So this is where we take advantage of the leader election that Julian talked about. And we use a leader-follower architecture to send these events because the scale of the rights isn't to the point where we need horizontal scalability. This is a con that we're willing to live with at this time.
And then, of course, with any sort of Event-Driven solution, it's like, is it guaranteed that message is going to be handled by the query service and written to Elasticsearch? It's not truly guaranteed, of course. We can have issues where we just can't connect to Elasticsearch for a long period of time due to networking, or we can have a bug in the code.
And we just are unable to handle that message. And this is where in the EDA solution you want to have sort of mitigation plans, like dead message cues or the ability to do message replay. And, of course, you want item potent message handlers. You can, if you do get a message more than once, which in our solution that can definitely happen because we're kind of at least once on our message handlers.
You want to be able to get that second message and repeat it. But the way we chose to solve the problem in our solution is a pseudo message replaced solution where we can re-stream the events from the outbox table back to Elasticsearch, which we can do on-demand from a REST request that we wrote to be able to do that.
So that is how we use the outbox pattern to solve a CQRS implementation between our microservices.
Ali: Very cool. Very cool. Kevin, let me go back to the previous slide and ask you a question. Given that our event broker has this approach of multiples, targets can subscribe to it, is there an option here that you reduce the reliance on MySQL and solely use the broker to solve this problem?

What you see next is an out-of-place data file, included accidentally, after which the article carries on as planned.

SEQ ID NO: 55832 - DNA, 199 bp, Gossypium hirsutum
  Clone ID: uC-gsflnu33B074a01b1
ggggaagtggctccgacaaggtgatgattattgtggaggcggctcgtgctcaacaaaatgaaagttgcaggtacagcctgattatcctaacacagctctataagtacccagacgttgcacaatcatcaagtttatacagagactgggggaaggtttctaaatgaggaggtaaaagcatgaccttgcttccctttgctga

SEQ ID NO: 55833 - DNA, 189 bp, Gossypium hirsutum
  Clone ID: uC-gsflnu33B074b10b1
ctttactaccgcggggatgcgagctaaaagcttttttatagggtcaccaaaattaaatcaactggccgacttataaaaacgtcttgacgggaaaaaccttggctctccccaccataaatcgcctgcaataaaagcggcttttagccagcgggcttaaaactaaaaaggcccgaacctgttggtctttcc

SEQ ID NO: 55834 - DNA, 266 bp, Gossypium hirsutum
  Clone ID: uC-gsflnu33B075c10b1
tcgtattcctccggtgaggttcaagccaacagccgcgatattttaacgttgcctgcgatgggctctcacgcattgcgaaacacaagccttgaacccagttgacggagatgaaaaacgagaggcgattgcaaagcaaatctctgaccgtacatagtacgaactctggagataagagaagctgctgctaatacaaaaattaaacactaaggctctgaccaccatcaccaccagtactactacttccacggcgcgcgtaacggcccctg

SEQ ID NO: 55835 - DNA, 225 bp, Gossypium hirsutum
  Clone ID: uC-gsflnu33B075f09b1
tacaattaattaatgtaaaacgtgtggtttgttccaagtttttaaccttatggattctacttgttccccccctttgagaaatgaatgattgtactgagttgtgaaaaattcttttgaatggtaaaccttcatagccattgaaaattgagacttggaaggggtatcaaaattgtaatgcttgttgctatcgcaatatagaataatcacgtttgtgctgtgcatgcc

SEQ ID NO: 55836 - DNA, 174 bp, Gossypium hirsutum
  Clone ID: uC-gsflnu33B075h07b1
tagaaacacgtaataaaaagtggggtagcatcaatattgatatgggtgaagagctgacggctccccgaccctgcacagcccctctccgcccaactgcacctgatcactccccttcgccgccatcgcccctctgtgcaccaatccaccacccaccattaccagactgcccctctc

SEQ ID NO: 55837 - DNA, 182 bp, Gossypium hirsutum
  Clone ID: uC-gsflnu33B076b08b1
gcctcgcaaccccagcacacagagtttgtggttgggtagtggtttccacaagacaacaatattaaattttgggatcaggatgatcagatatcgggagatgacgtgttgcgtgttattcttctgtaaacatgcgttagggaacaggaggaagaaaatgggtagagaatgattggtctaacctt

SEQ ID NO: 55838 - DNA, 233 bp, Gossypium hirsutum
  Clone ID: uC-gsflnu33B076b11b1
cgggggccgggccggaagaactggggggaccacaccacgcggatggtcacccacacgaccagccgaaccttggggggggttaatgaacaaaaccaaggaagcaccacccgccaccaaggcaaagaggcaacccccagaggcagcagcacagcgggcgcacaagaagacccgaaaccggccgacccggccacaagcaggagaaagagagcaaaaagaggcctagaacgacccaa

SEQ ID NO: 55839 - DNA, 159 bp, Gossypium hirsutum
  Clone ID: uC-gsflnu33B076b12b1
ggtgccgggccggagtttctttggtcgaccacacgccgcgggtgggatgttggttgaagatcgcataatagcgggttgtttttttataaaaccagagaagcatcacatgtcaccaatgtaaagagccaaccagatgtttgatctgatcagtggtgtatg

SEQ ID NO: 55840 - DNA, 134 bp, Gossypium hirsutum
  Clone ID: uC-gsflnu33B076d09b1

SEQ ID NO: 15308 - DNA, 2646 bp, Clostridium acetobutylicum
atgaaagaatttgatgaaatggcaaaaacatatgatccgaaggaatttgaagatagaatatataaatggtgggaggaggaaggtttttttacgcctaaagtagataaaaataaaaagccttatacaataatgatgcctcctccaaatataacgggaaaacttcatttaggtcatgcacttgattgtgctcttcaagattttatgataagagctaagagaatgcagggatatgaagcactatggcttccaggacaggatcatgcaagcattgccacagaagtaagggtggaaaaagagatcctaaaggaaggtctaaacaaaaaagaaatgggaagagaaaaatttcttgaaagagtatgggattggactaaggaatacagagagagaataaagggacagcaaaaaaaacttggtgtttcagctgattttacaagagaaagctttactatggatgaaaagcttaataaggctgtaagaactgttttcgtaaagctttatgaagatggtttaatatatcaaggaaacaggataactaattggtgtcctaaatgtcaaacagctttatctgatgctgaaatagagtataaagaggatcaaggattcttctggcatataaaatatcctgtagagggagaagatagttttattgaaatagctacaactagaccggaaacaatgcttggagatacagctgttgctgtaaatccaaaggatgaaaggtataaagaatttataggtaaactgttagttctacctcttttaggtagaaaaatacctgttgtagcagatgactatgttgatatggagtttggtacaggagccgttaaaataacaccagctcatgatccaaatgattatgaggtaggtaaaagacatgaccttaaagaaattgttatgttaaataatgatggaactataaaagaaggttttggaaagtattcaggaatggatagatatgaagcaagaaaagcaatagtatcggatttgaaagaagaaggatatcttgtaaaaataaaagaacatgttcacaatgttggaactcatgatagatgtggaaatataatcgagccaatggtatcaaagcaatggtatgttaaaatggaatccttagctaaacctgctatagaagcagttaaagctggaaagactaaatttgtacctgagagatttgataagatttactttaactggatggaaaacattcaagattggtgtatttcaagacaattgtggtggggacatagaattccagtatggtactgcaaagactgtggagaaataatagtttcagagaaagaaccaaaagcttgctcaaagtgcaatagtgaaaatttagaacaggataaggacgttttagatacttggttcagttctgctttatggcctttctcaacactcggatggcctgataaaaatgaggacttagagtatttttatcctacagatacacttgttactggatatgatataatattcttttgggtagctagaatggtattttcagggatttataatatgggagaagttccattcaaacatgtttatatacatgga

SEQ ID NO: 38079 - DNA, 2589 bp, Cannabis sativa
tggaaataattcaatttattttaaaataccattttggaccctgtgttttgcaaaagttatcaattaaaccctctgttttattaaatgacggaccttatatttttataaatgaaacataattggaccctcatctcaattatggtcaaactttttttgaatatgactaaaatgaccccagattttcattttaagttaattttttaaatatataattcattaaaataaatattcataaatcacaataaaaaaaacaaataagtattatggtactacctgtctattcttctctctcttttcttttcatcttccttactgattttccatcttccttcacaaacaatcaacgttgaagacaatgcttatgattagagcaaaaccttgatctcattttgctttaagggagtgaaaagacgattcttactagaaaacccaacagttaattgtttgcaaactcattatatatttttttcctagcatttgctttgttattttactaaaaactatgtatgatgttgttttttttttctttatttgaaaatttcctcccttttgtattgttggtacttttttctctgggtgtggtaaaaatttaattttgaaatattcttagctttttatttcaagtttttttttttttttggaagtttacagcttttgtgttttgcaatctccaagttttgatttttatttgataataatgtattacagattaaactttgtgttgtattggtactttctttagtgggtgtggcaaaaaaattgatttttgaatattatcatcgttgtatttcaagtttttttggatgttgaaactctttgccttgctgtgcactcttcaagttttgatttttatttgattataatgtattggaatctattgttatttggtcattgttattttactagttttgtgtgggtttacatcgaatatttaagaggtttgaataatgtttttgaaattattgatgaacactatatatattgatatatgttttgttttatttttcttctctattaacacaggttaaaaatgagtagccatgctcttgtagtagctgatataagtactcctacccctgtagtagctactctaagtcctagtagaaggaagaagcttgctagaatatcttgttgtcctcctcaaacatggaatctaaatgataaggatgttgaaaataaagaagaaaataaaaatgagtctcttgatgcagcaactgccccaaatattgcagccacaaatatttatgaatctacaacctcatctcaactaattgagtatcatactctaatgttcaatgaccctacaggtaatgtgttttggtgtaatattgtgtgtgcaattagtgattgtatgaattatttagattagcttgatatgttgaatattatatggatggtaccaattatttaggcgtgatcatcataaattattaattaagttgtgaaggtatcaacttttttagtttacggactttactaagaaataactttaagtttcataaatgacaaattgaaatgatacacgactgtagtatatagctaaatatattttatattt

Kevin: Yeah, that's another way that we could have kind of built in the guaranteed delivery of the event from mySQL to Elastic. If we on the original REST request, instead of writing to the database immediately, if we went to the broker first and we published to a queue then we would receive that message from the queue back to the command service.
We could write to the database, publish the next message to the query service. If there were a crash, we would never have acknowledged that we received the message off the queue. So, when we restart, we will get the message from the queue again. So, we could build the kind of guaranteed delivery in that fashion.
What that would've required though, is we would need item potent message handling on the command service side. And this is one of the pros I mentioned. We have simple sort of handling and REST resources because we don't need to have item potency. And, doing things in an item potent manner with MySQL, it's a little bit more complicated with Elasticsearch. And,especially, because our architecture originally didn't have the item potency built into it, we would have to rewrite all of our REST resources to support that. So that's why we felt this implementation using the Outbox pattern, was the right solution for us in a more pragmatic sort of view.
Ali: Right. As they say, architecture is all about trade-offs and you know, you got to pick and choose which one is going to win for you in your context. So why don't we go to the next one and distribute a control plane and James is going to take us through this one? James, go ahead.
James: Yeah, thanks, Ali. So, one of the main features of Solace Cloud is the creation and management of the event, PubSub+ event brokers. This operation is performed in many different environments or what we call regions in Solace public cloud accounts, in our customers' public cloud accounts, as well as in our customer's private data centre.
This model introduces a whole bunch of interesting problems. These are our, these environments are all slightly different and there're a lot of them. Which means performance and scalability is definitely a concern. Security is always top of mind in the public cloud. But it's especially important when running in our customers' accounts as well because of the nature of a lot of these environments, we have limited or no direct access to them.